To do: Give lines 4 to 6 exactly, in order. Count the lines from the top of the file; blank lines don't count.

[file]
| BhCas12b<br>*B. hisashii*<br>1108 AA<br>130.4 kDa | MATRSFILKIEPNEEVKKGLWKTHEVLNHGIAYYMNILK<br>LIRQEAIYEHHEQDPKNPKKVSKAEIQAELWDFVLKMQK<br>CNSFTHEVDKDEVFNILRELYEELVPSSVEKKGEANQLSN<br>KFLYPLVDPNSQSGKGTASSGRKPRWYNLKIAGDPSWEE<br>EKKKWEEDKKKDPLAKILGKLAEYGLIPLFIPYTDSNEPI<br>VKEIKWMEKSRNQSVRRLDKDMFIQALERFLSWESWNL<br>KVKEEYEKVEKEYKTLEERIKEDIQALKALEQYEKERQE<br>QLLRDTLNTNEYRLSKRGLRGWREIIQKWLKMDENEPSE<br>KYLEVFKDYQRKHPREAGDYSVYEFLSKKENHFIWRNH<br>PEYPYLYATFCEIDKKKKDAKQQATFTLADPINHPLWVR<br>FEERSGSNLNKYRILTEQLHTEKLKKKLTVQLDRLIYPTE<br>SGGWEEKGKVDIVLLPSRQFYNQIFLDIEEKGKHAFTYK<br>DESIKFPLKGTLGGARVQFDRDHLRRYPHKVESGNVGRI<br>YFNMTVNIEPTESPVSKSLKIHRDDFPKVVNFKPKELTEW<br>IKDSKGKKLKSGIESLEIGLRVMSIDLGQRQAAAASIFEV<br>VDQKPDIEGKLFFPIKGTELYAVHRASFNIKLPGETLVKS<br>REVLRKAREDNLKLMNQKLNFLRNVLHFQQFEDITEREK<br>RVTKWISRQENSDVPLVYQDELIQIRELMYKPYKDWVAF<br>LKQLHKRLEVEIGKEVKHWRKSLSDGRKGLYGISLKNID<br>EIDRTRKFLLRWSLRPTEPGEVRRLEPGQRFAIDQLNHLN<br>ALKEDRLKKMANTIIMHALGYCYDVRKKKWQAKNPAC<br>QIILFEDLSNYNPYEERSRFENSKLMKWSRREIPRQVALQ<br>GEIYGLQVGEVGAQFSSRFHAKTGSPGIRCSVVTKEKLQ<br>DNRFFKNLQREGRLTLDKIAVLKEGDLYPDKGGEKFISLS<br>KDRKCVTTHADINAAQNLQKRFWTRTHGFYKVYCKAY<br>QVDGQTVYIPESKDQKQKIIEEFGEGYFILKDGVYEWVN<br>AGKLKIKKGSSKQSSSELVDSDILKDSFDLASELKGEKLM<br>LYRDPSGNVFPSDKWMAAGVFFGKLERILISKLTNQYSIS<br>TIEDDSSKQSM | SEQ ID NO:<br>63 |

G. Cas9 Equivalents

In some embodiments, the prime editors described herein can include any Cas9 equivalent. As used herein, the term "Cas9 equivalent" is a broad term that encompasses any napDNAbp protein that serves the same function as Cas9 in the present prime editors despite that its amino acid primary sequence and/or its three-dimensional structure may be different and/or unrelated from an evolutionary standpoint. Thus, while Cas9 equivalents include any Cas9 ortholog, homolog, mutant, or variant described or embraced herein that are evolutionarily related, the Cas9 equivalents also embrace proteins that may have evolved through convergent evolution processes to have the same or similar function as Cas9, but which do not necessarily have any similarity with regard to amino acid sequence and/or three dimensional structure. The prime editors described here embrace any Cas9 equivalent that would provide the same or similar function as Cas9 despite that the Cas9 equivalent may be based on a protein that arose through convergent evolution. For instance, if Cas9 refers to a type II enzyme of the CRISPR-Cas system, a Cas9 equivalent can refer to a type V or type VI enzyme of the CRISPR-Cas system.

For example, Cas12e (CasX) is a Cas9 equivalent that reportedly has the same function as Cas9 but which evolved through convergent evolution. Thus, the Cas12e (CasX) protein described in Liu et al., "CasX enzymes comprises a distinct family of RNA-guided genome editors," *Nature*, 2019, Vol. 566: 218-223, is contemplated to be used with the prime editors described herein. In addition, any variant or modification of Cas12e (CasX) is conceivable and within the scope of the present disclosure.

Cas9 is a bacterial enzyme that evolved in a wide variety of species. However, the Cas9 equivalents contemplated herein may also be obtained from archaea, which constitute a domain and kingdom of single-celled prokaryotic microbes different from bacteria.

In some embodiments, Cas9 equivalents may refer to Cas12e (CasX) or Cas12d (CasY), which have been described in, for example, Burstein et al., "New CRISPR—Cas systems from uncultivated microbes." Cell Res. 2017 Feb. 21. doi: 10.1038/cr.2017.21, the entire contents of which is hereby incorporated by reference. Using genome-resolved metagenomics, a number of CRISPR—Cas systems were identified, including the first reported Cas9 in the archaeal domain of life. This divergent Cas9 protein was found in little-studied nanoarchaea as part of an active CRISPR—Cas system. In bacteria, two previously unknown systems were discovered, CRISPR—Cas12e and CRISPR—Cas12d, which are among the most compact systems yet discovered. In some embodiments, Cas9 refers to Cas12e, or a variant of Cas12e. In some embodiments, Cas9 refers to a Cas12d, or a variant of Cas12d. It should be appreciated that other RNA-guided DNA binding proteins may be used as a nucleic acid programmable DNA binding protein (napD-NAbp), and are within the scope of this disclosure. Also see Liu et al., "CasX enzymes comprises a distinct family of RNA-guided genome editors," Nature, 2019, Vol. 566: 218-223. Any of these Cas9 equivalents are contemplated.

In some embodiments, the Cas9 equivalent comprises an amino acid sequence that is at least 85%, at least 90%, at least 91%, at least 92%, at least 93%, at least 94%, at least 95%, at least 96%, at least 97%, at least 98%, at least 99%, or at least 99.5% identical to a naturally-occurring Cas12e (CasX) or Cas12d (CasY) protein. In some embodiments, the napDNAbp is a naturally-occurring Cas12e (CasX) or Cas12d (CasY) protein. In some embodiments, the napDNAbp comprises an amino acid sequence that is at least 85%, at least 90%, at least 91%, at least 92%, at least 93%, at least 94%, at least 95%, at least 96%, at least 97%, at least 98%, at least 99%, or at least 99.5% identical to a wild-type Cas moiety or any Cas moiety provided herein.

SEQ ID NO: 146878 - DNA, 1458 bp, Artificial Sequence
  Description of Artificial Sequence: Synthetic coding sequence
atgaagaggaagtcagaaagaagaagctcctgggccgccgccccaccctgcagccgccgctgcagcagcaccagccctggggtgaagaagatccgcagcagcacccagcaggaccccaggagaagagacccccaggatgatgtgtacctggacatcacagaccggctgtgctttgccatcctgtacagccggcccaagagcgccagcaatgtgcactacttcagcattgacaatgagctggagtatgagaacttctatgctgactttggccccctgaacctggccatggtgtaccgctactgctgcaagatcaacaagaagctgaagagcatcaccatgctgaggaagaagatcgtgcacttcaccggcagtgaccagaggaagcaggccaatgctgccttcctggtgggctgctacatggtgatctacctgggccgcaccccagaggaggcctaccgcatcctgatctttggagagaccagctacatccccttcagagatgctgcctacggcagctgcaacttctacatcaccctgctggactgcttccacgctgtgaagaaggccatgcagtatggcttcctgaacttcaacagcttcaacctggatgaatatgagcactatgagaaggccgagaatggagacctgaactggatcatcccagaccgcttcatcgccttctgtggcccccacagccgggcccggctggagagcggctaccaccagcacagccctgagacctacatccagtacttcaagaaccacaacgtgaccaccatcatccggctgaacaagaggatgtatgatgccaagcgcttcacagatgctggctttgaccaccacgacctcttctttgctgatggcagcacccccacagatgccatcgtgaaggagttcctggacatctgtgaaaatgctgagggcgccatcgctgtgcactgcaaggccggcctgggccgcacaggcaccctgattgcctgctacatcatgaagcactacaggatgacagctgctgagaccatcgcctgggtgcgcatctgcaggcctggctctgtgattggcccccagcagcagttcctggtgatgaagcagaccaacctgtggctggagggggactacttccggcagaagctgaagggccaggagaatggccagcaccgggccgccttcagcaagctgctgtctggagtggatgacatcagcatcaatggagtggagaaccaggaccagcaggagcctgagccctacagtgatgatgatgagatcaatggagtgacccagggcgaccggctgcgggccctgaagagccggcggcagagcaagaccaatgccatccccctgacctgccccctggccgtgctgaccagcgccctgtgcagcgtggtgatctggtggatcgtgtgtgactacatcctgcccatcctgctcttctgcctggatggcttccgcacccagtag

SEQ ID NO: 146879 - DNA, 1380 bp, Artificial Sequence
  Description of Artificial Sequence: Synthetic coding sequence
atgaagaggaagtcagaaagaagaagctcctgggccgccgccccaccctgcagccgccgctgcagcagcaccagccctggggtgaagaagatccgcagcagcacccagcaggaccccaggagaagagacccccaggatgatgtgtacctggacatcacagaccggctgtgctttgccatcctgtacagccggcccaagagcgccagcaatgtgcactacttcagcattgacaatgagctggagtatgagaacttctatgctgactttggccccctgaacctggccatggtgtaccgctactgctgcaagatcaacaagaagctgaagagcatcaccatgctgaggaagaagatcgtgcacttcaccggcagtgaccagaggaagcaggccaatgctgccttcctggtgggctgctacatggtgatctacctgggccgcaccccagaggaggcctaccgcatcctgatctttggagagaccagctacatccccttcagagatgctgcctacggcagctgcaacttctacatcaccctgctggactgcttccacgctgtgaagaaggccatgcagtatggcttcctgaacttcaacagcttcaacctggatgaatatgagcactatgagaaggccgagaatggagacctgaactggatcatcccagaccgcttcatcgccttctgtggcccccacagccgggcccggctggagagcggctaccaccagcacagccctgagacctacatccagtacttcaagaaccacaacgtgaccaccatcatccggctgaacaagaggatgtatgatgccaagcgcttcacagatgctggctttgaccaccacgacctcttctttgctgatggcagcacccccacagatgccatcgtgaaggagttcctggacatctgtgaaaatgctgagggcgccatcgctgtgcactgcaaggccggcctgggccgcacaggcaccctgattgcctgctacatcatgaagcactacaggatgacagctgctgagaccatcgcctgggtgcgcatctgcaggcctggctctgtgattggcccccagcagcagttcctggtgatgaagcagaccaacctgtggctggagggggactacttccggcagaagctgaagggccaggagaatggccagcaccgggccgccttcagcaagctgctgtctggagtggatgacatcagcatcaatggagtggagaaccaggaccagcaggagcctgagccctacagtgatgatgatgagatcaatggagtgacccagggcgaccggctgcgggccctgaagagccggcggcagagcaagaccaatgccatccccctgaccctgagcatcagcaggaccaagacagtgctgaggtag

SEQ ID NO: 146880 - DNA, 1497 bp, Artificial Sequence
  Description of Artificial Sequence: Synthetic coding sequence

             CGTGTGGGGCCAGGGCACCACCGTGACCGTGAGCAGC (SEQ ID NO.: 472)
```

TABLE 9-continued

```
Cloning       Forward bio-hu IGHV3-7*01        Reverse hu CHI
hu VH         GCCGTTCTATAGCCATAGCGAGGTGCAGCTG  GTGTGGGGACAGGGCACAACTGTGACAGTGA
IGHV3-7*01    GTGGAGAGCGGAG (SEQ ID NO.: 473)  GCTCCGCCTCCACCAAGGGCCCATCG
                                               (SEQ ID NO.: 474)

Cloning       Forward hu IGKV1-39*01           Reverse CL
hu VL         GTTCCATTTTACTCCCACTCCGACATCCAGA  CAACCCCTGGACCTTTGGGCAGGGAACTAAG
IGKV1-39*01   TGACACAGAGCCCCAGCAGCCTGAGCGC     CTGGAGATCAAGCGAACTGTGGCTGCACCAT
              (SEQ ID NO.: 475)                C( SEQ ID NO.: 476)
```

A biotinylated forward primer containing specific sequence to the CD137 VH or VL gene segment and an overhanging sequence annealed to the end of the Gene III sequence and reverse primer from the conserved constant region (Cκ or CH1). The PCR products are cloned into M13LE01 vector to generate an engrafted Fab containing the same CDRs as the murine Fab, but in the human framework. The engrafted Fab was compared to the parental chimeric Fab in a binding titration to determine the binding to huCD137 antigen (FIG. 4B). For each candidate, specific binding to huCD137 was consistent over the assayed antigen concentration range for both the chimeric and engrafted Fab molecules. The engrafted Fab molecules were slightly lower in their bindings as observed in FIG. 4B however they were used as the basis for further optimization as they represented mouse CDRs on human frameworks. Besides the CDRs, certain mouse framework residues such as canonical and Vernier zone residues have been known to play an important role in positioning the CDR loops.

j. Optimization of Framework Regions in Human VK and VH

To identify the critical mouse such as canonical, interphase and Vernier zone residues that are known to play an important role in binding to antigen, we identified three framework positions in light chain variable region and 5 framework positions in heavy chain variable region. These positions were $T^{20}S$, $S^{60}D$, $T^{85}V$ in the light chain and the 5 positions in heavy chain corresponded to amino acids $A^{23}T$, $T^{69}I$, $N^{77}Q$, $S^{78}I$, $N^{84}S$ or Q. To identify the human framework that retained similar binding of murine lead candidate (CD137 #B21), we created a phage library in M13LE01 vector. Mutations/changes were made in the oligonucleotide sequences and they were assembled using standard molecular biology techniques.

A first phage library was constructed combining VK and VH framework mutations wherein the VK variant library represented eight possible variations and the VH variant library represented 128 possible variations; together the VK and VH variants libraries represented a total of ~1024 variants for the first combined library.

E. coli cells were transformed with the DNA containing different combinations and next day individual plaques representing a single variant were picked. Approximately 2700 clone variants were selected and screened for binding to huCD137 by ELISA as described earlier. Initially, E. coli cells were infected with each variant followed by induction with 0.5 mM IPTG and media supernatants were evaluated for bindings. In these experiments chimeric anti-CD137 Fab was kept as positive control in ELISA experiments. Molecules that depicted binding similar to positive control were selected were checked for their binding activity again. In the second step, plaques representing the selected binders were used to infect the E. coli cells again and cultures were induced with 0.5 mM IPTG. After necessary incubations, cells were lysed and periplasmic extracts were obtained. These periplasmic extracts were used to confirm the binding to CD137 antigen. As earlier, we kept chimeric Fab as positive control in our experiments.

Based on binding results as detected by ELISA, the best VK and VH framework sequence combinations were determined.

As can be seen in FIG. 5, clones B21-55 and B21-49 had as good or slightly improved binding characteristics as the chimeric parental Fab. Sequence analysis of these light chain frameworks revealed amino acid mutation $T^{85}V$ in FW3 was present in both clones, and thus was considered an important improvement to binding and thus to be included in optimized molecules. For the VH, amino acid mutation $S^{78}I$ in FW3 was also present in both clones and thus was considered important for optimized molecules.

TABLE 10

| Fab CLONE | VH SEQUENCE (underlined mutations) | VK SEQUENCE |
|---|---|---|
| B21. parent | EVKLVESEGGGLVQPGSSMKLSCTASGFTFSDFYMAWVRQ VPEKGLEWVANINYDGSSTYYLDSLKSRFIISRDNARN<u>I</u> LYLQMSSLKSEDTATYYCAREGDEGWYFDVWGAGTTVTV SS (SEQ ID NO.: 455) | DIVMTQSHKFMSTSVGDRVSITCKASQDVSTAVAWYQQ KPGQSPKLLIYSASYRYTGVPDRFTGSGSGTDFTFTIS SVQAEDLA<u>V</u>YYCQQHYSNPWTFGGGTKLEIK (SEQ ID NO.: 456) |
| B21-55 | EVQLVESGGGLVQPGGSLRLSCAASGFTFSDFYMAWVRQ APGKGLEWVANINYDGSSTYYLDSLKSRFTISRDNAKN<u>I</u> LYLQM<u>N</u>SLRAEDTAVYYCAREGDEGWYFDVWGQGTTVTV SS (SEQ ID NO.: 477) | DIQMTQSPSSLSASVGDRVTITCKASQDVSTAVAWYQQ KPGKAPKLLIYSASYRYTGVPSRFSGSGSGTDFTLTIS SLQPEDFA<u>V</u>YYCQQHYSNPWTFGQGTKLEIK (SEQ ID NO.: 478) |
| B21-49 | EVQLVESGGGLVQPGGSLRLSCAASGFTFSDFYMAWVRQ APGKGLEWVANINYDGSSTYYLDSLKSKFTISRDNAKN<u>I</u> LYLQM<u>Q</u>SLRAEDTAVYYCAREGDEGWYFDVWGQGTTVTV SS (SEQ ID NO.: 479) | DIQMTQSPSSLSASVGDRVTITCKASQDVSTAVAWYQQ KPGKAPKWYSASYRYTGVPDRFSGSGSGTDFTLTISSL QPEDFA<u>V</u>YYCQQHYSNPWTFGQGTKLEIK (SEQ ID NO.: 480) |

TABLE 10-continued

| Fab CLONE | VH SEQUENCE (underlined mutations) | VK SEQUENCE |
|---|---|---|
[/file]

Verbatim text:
For example, Cas12e (CasX) is a Cas9 equivalent that reportedly has the same function as Cas9 but which evolved through convergent evolution. Thus, the Cas12e (CasX) protein described in Liu et al., "CasX enzymes comprises a distinct family of RNA-guided genome editors," *Nature*, 2019, Vol. 566: 218-223, is contemplated to be used with the prime editors described herein. In addition, any variant or modification of Cas12e (CasX) is conceivable and within the scope of the present disclosure.

Cas9 is a bacterial enzyme that evolved in a wide variety of species. However, the Cas9 equivalents contemplated herein may also be obtained from archaea, which constitute a domain and kingdom of single-celled prokaryotic microbes different from bacteria.

In some embodiments, Cas9 equivalents may refer to Cas12e (CasX) or Cas12d (CasY), which have been described in, for example, Burstein et al., "New CRISPR—Cas systems from uncultivated microbes." Cell Res. 2017 Feb. 21. doi: 10.1038/cr.2017.21, the entire contents of which is hereby incorporated by reference. Using genome-resolved metagenomics, a number of CRISPR—Cas systems were identified, including the first reported Cas9 in the archaeal domain of life. This divergent Cas9 protein was found in little-studied nanoarchaea as part of an active CRISPR—Cas system. In bacteria, two previously unknown systems were discovered, CRISPR—Cas12e and CRISPR—Cas12d, which are among the most compact systems yet discovered. In some embodiments, Cas9 refers to Cas12e, or a variant of Cas12e. In some embodiments, Cas9 refers to a Cas12d, or a variant of Cas12d. It should be appreciated that other RNA-guided DNA binding proteins may be used as a nucleic acid programmable DNA binding protein (napD-NAbp), and are within the scope of this disclosure. Also see Liu et al., "CasX enzymes comprises a distinct family of RNA-guided genome editors," Nature, 2019, Vol. 566: 218-223. Any of these Cas9 equivalents are contemplated.